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Jim Benning reports that Brock Boeser “could be done for the year”

“It looks like it’s going to be more severe than we originally thought.”
Brock Boeser turns up ice with the puck for the Vancouver Canucks. photo: Dan Toulgoet

The Tyler Toffoli trade made sense for the Canucks in several different ways — he fills a need in the top-six forward group, he’s a possession driver on a team that needs better puck possession, and he can score on the power play. Jim Benning’s update on Tuesday morning, however, suggested that there was a more immediate reason for acquiring Toffoli.

Brock Boeser will be out of the lineup for at least eight weeks and, in fact, might not return this season.

“It looks like it’s going to be more severe than we originally thought,” said Benning. “It’s an eight-week injury, so it looks like he could be done for the year.”

Eight weeks would go through the first week of April, meaning Boeser will be out for at least the rest of the regular season, but Benning equivocated when asked whether Boeser might be back for the playoffs, saying that he still needed to see a specialist to get further clarity about the injury.

Initially, it had been reported that Boeser would be reevaluated in three weeks with fractured rib cartilage, but Benning made it clear didn’t mean Boeser could return at that time. 

Benning also reported that Josh Leivo is expected to miss the rest of the regular season with his fractured knee, but could return for the playoffs.

That meant there was a significant need for a top-six winger, hence the trade for Toffoli.

“We wanted to make sure that we did something to show our players and coaches and fans that we want to compete here down the stretch,” said Benning. “This is something to give our team a chance to remain in the pack and compete for a playoff spot, that’s our goal.”

“He does a lot of the same things Brock did for us, he’s got experience, he’s won the Stanley Cup, we just figured it was a good fit for our group,” he added.

Benning said they discussed replacing Boeser internally with a call-up from the AHL, but concluded they needed something more.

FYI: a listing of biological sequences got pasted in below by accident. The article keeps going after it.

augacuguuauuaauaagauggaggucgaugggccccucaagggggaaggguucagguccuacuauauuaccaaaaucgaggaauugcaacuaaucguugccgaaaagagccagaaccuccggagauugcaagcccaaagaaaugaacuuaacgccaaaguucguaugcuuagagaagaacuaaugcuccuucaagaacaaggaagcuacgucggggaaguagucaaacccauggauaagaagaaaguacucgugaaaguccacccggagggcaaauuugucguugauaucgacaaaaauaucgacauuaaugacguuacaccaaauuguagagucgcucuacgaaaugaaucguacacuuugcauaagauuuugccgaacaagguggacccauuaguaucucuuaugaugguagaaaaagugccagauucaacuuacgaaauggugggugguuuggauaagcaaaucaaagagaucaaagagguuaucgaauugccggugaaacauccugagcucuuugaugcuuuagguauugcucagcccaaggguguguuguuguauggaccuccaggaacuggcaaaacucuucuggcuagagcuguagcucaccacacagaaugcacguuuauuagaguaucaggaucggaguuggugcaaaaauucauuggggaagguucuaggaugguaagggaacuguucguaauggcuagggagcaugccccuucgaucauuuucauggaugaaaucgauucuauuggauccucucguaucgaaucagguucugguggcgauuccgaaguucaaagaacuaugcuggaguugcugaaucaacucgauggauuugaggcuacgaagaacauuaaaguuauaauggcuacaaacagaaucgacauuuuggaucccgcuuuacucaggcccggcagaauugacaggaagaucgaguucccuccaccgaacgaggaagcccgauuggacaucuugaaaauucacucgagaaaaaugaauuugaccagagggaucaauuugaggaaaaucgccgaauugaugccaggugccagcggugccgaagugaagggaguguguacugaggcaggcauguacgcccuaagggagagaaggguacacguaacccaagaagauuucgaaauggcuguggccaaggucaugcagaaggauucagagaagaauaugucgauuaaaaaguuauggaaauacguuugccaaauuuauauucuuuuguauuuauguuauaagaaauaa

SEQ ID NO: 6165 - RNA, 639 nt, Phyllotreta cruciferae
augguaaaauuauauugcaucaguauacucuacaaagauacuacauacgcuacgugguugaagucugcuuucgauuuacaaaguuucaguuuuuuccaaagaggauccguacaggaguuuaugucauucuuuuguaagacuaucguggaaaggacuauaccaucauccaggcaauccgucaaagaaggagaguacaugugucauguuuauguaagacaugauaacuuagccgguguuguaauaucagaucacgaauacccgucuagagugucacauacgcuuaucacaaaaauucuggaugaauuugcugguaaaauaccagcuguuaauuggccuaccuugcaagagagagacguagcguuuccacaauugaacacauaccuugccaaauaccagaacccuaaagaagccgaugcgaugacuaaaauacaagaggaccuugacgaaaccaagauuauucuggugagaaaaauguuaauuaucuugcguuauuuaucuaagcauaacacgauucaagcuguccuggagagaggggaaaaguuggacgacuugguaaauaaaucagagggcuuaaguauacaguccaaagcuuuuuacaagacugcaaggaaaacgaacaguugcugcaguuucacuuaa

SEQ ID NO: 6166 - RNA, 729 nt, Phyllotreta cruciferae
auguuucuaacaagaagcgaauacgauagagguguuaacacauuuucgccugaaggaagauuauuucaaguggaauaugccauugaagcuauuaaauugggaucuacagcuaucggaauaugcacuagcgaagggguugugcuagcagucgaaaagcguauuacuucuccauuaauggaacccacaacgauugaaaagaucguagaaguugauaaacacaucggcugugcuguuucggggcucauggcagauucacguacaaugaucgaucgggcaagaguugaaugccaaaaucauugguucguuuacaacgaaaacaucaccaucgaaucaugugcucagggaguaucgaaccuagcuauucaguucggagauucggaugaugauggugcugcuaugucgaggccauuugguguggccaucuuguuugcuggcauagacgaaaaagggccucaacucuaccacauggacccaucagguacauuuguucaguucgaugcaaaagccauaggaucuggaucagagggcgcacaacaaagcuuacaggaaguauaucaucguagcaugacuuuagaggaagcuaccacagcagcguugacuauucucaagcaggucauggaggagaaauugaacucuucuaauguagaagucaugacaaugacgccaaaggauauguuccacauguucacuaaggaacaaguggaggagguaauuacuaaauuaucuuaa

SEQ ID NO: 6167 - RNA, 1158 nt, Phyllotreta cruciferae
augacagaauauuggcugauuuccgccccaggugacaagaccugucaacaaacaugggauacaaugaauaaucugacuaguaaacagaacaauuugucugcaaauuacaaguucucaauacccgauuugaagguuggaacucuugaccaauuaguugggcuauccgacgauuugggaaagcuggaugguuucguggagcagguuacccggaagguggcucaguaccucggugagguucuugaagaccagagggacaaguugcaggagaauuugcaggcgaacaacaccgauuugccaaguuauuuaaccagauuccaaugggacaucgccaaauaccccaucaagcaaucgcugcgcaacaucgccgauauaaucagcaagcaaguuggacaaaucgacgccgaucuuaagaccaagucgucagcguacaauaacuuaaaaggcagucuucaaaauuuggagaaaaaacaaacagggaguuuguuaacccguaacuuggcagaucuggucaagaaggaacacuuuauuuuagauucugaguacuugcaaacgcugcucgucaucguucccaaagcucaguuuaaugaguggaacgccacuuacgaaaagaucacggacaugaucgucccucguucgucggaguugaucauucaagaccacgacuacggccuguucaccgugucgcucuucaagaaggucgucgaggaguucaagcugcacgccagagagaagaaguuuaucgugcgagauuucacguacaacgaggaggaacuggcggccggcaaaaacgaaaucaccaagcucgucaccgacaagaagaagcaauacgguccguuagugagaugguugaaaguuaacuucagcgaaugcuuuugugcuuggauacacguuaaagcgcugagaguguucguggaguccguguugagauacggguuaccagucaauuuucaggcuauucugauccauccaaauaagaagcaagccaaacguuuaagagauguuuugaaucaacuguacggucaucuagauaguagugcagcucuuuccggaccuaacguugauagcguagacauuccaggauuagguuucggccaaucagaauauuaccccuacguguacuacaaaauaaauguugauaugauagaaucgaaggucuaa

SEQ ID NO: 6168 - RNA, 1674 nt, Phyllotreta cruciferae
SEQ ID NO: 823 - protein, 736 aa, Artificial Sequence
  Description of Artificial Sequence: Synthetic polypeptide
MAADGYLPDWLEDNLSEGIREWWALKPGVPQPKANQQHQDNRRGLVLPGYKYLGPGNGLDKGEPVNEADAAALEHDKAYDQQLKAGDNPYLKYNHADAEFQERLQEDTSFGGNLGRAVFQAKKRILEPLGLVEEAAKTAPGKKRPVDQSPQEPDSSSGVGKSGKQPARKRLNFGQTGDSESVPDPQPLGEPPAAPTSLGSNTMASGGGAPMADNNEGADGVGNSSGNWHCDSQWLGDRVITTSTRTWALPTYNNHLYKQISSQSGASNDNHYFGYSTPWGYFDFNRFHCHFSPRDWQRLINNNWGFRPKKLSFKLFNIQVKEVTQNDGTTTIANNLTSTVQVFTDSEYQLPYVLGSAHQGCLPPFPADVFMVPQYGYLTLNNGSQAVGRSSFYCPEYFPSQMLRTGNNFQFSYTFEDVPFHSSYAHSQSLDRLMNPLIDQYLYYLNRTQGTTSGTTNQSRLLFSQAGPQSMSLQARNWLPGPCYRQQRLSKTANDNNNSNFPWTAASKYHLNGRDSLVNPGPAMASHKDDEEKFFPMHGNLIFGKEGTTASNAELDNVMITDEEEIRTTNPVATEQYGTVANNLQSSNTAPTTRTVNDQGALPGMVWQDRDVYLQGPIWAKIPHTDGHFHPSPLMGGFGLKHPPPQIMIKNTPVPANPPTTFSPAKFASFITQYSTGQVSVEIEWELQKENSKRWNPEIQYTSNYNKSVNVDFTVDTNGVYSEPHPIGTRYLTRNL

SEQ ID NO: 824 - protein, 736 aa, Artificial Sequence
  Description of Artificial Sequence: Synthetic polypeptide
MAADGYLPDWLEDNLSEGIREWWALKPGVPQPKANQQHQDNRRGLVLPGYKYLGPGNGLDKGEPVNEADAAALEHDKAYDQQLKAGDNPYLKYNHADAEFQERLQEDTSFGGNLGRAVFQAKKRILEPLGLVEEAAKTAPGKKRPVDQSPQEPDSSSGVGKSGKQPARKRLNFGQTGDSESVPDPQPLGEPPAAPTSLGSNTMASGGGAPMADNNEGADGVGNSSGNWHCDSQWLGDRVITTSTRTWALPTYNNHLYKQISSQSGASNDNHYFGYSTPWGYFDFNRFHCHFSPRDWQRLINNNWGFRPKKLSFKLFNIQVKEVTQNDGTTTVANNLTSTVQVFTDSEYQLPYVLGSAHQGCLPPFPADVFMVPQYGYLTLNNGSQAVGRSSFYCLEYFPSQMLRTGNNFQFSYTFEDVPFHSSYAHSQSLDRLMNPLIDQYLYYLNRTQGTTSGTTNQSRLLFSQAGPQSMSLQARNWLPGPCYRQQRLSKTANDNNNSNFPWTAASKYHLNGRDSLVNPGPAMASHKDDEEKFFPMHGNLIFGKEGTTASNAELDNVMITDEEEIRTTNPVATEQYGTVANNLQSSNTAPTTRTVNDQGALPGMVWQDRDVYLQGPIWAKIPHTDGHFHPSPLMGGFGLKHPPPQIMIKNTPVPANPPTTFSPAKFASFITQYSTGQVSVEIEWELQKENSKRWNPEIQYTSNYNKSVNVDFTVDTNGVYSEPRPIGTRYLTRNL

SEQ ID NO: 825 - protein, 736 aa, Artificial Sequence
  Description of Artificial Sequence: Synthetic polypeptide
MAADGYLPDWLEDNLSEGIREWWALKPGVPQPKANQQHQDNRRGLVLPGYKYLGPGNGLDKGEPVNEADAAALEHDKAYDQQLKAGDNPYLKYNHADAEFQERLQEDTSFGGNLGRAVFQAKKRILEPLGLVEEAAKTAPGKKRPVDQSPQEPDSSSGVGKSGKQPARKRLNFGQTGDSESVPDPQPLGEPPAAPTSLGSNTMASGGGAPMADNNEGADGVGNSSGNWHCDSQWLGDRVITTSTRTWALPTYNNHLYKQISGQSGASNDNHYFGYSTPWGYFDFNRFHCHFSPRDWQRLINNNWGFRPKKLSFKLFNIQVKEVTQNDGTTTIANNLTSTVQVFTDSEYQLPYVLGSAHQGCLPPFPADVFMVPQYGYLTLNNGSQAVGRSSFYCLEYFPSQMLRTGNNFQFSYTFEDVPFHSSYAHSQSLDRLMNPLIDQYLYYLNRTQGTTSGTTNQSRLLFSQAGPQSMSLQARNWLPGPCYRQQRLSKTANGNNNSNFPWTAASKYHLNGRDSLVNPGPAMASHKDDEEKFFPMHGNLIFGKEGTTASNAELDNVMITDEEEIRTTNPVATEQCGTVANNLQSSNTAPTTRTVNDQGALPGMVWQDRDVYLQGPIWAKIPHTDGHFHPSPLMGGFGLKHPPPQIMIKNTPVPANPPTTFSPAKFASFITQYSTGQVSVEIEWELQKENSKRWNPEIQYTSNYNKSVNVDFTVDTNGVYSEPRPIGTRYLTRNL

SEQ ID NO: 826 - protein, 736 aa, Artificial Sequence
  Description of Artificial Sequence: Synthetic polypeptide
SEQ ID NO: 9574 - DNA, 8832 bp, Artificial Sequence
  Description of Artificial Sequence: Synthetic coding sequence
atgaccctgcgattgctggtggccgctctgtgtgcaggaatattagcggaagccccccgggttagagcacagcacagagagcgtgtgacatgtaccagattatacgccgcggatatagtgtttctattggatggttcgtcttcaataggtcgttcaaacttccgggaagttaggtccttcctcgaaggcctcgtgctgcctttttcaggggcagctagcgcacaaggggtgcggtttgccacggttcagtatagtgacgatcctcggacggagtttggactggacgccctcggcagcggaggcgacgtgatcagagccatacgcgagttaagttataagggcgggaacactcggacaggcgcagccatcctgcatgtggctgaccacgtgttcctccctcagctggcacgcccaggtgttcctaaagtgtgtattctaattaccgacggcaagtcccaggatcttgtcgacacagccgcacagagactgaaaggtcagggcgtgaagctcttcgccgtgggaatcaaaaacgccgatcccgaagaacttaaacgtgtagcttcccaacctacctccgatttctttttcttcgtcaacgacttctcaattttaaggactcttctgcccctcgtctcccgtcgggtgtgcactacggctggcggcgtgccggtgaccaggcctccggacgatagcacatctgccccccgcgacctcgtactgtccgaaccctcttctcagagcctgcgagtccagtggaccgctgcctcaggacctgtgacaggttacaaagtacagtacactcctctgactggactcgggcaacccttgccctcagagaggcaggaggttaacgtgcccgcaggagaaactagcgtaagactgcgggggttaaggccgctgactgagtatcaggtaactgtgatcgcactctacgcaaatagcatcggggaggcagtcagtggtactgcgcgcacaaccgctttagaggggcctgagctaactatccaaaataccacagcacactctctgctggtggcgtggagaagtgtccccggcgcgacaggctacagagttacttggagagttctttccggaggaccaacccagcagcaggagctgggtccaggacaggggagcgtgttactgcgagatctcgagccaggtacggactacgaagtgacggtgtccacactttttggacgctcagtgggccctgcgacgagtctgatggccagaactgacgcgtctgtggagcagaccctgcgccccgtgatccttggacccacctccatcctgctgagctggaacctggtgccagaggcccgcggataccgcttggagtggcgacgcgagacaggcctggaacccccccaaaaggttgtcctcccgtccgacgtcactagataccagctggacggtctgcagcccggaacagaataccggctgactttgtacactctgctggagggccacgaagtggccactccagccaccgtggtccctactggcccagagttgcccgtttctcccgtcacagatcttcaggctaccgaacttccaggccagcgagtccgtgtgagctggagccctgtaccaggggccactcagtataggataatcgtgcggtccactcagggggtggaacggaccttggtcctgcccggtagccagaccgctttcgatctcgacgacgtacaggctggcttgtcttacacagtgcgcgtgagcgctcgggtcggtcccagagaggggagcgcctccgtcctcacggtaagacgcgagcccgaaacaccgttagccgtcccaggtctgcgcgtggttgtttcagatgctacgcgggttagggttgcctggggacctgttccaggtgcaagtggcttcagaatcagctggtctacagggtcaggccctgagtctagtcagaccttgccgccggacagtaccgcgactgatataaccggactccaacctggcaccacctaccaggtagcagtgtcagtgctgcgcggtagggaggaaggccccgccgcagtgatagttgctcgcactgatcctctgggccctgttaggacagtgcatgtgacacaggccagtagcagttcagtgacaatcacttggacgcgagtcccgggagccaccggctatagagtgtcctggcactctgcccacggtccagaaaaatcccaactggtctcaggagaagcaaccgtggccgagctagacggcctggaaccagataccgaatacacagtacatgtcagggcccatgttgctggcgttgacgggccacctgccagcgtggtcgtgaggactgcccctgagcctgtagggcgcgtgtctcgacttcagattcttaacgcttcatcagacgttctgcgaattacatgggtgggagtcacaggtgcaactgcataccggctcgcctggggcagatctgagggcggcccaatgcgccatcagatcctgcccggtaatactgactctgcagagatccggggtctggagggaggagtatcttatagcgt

“We talked about it,” he said. “Reid Boucher has had a really good season down there, he’s worked hard, he’s changed his game a little bit, he’s getting in on the forecheck hard now, he’s been physical, plus he’s second or third in the league in scoring. Maybe it wasn’t so much Sven [Baertschi], but more giving Reid a chance, and we’ll see going forward, he still might get an opportunity.”

For Benning, the trade was about showing the team and the fans that they’re serious about being a playoff team.

“We want [the players] to know we appreciate their hard work through the season so far, we want to keep competing hard, working hard, and we want to be a playoff team,” said Benning. “Our fans are excited, they want to see us make the playoffs and we’re trying to do what we can do from our end to make it all work.”

The loss of Boeser will hurt the Canucks significantly, as he was on-pace for a career year and combined with Elias Pettersson and J.T. Miller to form one of the best lines in the NHL. He won’t be easy to replace, though Toffoli will help.

This makes the third-straight year that Boeser hasn’t completed a full season, with a career-best 69 games last season. His injuries have been unusual, perhaps even fluke injuries, not the type of injuries that you would expect to be recurring or problematic in the future, but it’s still troubling that the star winger has yet to play a full season.